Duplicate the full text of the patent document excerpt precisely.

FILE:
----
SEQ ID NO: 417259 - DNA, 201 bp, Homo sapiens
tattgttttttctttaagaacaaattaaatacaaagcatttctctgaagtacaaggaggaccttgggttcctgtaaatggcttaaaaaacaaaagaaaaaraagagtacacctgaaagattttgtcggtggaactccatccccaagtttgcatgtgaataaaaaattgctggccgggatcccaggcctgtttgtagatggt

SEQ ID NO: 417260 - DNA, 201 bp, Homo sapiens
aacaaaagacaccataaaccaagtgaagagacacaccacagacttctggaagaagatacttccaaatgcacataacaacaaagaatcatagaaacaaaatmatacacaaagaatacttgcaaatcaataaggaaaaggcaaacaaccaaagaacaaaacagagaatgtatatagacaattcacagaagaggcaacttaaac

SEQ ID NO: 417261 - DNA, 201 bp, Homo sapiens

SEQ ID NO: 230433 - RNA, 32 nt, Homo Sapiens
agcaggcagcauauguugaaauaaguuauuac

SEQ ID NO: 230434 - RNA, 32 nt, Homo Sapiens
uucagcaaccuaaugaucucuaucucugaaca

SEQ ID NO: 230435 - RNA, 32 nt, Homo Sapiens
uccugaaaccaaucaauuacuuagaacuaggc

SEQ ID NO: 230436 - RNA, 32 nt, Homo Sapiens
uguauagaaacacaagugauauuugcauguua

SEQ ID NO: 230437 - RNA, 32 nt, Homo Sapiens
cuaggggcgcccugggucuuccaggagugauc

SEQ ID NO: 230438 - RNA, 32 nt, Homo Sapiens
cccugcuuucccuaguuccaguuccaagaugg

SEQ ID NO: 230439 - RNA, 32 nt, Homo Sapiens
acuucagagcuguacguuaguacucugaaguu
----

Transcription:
SEQ ID NO: 417259 - DNA, 201 bp, Homo sapiens
tattgttttttctttaagaacaaattaaatacaaagcatttctctgaagtacaaggaggaccttgggttcctgtaaatggcttaaaaaacaaaagaaaaaraagagtacacctgaaagattttgtcggtggaactccatccccaagtttgcatgtgaataaaaaattgctggccgggatcccaggcctgtttgtagatggt

SEQ ID NO: 417260 - DNA, 201 bp, Homo sapiens
aacaaaagacaccataaaccaagtgaagagacacaccacagacttctggaagaagatacttccaaatgcacataacaacaaagaatcatagaaacaaaatmatacacaaagaatacttgcaaatcaataaggaaaaggcaaacaaccaaagaacaaaacagagaatgtatatagacaattcacagaagaggcaacttaaac

SEQ ID NO: 417261 - DNA, 201 bp, Homo sapiens

SEQ ID NO: 230433 - RNA, 32 nt, Homo Sapiens
agcaggcagcauauguugaaauaaguuauuac

SEQ ID NO: 230434 - RNA, 32 nt, Homo Sapiens
uucagcaaccuaaugaucucuaucucugaaca

SEQ ID NO: 230435 - RNA, 32 nt, Homo Sapiens
uccugaaaccaaucaauuacuuagaacuaggc

SEQ ID NO: 230436 - RNA, 32 nt, Homo Sapiens
uguauagaaacacaagugauauuugcauguua

SEQ ID NO: 230437 - RNA, 32 nt, Homo Sapiens
cuaggggcgcccugggucuuccaggagugauc

SEQ ID NO: 230438 - RNA, 32 nt, Homo Sapiens
cccugcuuucccuaguuccaguuccaagaugg

SEQ ID NO: 230439 - RNA, 32 nt, Homo Sapiens
acuucagagcuguacguuaguacucugaaguu